Flavor Text and Lore: The Old Gods

Hello and welcome to yet another Flavor Text and Lore article. Stay a while… And read about the story and lore behind the dreaded Old Gods and their whispers!

Hello and welcome to yet another Flavor Text and Lore article. Stay a while… And read about the story and lore behind the dreaded Old Gods and their whispers!

The newest Hearthstone expansion is nearly upon us, and this time it focuses on a very unexplored facet of World of Warcraft’s mythology: the Old Gods.

Unlike the powerful and blatantly obvious threat posed by the Dark Titan Sargeras and his Burning Legion, these Lovecraftian horrors are shadowy figures that work in the background, corrupting and influencing the denizens of Azeroth (and sometimes, beyond) to do their bidding.  They whisper in the minds of those that come to close, slowly driving them to destructive ambition or outright madness, always with a slant toward fulfilling their ultimate purposes.

While Blizzard’s storytellers have denied it, it is speculated that the Old Gods may indeed be the ultimate threat to be faced by the heroes of Warcraft, a much more insidious force than the mighty Legion. The Legion, powerful as it may be, is commanded by Sargeras, a single Titan, while the Old Gods are at least four, and each one has powerful as a Titan in its own right.

In fact, it seems that Blizzard is still actively shaping, or at least keeping secret, the full extent of the Old Gods’ purpose in the storyline. As such, some of what you will read in this article is me piecing together loose strands of information, and some speculation. I will point out those cases. So, without further ado, let’s begin!

The Darkness Before Time

The prevalent creating mythos in Azeroth goes something like this: in the beginning, the world was a whirlpool of chaotic elements. The arrived the space-faring, god-like creatures known as the Titans. The leaders among them, dubbed “The Pantheon”, terraformed the planet and left behind beings made of metal and stone, whose mission was to maintain Azeroth habitable and prepare it for the development of organic life.

Yet during the Titan’s absence, before life could sprout on Azeroth, something else arrived. The Old Gods came, and nobody’s exactly sure from where they came, though in a certain World of Warcraft dungeon, a servant of theirs says “We span the universe, as countless as the stars.” so we can assume that the Old Gods also had space-faring capabilities of some kind.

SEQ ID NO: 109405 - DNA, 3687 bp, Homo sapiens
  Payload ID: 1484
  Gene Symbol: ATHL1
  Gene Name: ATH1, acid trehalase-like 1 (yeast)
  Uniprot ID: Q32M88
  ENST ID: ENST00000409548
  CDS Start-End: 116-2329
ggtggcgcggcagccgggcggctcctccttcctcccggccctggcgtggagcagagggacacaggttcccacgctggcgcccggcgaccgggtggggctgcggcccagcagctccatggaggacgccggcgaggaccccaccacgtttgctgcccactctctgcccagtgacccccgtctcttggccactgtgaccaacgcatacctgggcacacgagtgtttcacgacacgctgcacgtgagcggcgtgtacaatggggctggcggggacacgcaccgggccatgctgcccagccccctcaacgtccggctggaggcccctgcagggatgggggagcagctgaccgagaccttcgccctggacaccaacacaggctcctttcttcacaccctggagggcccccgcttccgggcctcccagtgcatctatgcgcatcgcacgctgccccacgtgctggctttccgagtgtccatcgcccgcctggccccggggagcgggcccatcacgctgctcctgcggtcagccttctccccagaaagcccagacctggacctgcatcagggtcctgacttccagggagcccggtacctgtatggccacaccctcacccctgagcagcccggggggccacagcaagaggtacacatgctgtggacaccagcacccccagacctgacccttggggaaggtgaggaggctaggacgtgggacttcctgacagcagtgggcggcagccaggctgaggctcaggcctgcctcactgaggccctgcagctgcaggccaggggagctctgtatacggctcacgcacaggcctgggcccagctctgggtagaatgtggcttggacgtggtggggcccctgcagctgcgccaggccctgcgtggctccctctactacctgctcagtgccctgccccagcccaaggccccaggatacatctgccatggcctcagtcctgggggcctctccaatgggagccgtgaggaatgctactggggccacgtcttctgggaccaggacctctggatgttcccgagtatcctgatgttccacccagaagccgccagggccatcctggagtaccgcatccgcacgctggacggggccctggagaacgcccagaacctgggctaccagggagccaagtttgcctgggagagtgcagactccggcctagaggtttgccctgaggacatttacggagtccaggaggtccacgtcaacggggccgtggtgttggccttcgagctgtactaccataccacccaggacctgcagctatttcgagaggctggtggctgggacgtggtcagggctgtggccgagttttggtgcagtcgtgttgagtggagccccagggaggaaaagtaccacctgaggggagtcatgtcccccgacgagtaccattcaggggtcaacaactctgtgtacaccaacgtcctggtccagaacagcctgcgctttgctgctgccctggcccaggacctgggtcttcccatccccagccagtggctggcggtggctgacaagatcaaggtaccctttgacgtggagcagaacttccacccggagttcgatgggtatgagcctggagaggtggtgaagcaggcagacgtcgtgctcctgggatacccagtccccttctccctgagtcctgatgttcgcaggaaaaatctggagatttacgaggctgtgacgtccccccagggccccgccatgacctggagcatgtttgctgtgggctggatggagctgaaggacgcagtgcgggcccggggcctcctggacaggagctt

In any case, these powerful beings set foot (tentacle?) upon young Azeroth and immediately brought it back to a state of elemental chaos, unleashing the elemental planes of fire, water, wind and earth and empowering the elemental lords – ragnaros-the-firelord, neptulon the Tidehunter, alakir-the-windlord and Therazane the Stonemother – to act as their lieutenants.

They then created beings in their own image to serve them, the most widespread of them the insectoid Qiraji and Mantid, who built large metropolises across Azeroth. Finally, they perverted the Titans’ servants using the Curse of Flesh.

The Curse of the Flesh and the Old God’s End

The Curse of the Flesh turned the Titans’ stone and metal creations into living beings, facilitating the assimilation of Azeroth by the Old Gods. As such, the Earthen became the Dwarves, and the Mechagnomes became the Gnomes.

If you’ve participated in the “Unite Against Mechazod” Tavern Brawl, you know that he starts the fight by emoting “I will cleanse you both of the Curse of Flesh!”. He is in fact referring to the Old God’s curse, which had the side-effect of ending up creating some of the organic races that inhabit Azeroth to this day, from the Titans’ constructs.

When the Titans discovered this, they travelled back to Azeroth and started what is assumed to have been the most devastating war ever raged on the planet, a war that reshaped the very foundations of the land. At least one Old God is rumoured to have perished, as well as a Titan – whose blood, according to the legends, pooled and became the Well of Eternity, the sea-sized lake from where all magic originated. This fact alone, if indeed true, shows just how god-like, massive and powerful the Titans and their opponents were.

In the end, the Titanic Pantheon succeeded in laying waste to the Qiraji and Mantid empires, banishing the elemental lords to the elemental plane, and sealing away the Old Gods in the depths of the world. They could not outright destroy them, however – the Curse of Flesh was too widespread across Azeroth, having entered in a symbiotic relationship with the young world, and killing the Old Gods would have rendered the world forever incapable of birthing life.

The only races that are confirmed as having originated from the Old Gods’ meddling with the Titans’ servants are the Dwarves and the Gnomes, though it is speculated that, many millennia after the Old Gods’ banishment, a long-dormant strain of the curse affected the originally organic half-giant race of the Vrykul, and the infected gave birth to the first humans.

The Dawn of the Dragonflights